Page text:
Today’s blog is brought to us by Dr. Paul Pallath, Chief Data Scientist & Senior Director with the Advanced Analytics Organisation at SAP
Change is inevitable. This is an undisputable fact of life. Businesses have constantly changed and adapted to the ever changing requirements of their customers and/or markets. Businesses who were resistant to change, or did not adapt to the changing landscape, have gone out of business. We see this constantly where big multinationals are putting a big thrust towards innovation and new ideas, and the influx of funds available for start-ups. There are examples of start-ups in the landscape of well-established players, constantly challenging the landscape by disruptive ideas.
In recent years, several organizations all over the globe have embarked on or have taken the initial steps in the direction of digital transformation and improvising business process around the digital core. Predictive is one of the core elements in the digital transformation journey that empowers the business to gain competitive advantage.
Predictive analytics are most powerful when they are operationalized and are part of the business process, and they enforce a lot of changes in more ways than one. For example, for customer targeting, predictive models help choose the customers that are most likely to respond when reached out to, which helps businesses save on marketing and increases return on investment.
Predictive models have influenced the business by proposing how, when, where and which customer should be targeted, influencing change in behaviour of the customer.
As a consequence, the behaviours captured in the new data have now been influenced by the predictive model.
Similar observations can be made for several business problems that have found interventions via predictive models.
Predictive Models and Concept Drift
The concept that was modeled by the predictive models has enforced changes in the “knowledge” captured in the data. Patterns in the data evolve and the predictive models that have been created in the past will become obsolete over time. This is also termed as concept drift. Since the predictive models don’t have endless life, and need to be monitored constantly, any changes in the concept drift necessitates the regeneration of predictive models on new data.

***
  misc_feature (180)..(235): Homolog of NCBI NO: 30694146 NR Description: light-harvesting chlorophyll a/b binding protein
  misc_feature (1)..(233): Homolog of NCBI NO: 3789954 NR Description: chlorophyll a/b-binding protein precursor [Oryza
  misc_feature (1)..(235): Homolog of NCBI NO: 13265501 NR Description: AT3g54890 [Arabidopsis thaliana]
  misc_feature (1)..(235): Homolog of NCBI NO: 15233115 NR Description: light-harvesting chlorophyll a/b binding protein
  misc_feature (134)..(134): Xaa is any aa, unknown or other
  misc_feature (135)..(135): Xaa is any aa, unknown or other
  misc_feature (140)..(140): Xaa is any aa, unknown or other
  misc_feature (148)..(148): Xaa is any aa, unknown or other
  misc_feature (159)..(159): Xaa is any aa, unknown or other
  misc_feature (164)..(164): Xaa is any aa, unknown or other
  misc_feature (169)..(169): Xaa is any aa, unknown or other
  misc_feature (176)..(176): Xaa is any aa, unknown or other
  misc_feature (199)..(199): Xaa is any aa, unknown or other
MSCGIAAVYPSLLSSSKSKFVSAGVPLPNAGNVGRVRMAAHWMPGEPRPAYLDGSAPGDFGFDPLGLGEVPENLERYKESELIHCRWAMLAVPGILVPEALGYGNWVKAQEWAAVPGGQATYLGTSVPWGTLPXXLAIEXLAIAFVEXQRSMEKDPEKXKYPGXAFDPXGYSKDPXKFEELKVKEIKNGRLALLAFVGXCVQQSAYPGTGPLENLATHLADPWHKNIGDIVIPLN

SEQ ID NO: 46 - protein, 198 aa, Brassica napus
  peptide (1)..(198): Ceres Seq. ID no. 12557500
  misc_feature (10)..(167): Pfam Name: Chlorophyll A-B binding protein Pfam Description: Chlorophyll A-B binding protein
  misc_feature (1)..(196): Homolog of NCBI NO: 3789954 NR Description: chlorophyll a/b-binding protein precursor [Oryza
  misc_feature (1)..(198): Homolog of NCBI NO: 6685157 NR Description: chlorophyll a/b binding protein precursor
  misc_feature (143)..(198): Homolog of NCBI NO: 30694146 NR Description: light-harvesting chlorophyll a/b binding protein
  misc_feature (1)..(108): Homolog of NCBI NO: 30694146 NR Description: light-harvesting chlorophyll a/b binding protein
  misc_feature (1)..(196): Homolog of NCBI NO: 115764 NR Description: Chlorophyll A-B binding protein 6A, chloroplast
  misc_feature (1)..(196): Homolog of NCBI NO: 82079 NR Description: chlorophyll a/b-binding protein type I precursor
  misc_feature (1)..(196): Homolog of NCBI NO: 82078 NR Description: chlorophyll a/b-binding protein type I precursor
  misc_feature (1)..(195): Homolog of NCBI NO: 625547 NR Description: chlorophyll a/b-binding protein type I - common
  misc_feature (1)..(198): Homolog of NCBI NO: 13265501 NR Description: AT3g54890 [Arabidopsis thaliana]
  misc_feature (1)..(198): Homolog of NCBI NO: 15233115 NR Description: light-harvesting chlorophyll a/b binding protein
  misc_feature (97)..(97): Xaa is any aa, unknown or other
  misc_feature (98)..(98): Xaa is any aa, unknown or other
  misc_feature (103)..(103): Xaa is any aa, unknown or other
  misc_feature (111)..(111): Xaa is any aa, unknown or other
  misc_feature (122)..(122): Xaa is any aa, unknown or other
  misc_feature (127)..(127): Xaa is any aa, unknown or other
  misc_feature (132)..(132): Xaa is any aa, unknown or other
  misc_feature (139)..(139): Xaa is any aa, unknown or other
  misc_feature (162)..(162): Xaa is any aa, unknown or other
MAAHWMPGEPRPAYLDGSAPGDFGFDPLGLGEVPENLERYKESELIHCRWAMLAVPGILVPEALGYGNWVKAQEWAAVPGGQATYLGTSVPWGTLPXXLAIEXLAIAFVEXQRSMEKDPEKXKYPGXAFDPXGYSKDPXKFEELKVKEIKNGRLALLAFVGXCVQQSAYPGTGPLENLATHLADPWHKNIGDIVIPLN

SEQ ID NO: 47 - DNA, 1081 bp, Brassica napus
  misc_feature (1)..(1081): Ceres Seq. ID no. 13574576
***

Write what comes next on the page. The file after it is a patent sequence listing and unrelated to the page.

Concept Drift and Historical Data
Concept drift is not only true of new incoming data, but it is also true for historical data. While building predictive models for solving a business problem, one could find different segments in the data that exhibit different behaviour. This could be due to several reasons like segments based on geographies, products, customer demographics/profile, type of business and so on
Thus, a “one-size-fits-all” approach for predictive modelling is hardly possible and not desirable for concept drifts induced because of these reasons. This implies there could be several predictive models (sometimes in the order of thousands) for addressing a business problem.
How to Adapt Models without Impacting Business
Thus change is inevitable in the predictive context—and so it’s important that businesses be able to monitor, evaluate, and automatically retrain or decommission the models without impacting the business.
SAP Business Objects Predictive Analytics 3.0 enables businesses to tackle these problems via Predictive Factory capabilities. These factories operationalize and schedule several thousand models in real time, detect data and models deviations, and provide capabilities to automate several aspects that are important for operationalizing the models.
To learn more about predictive analytics, read the other posts in our Predictive Thursdays blog series.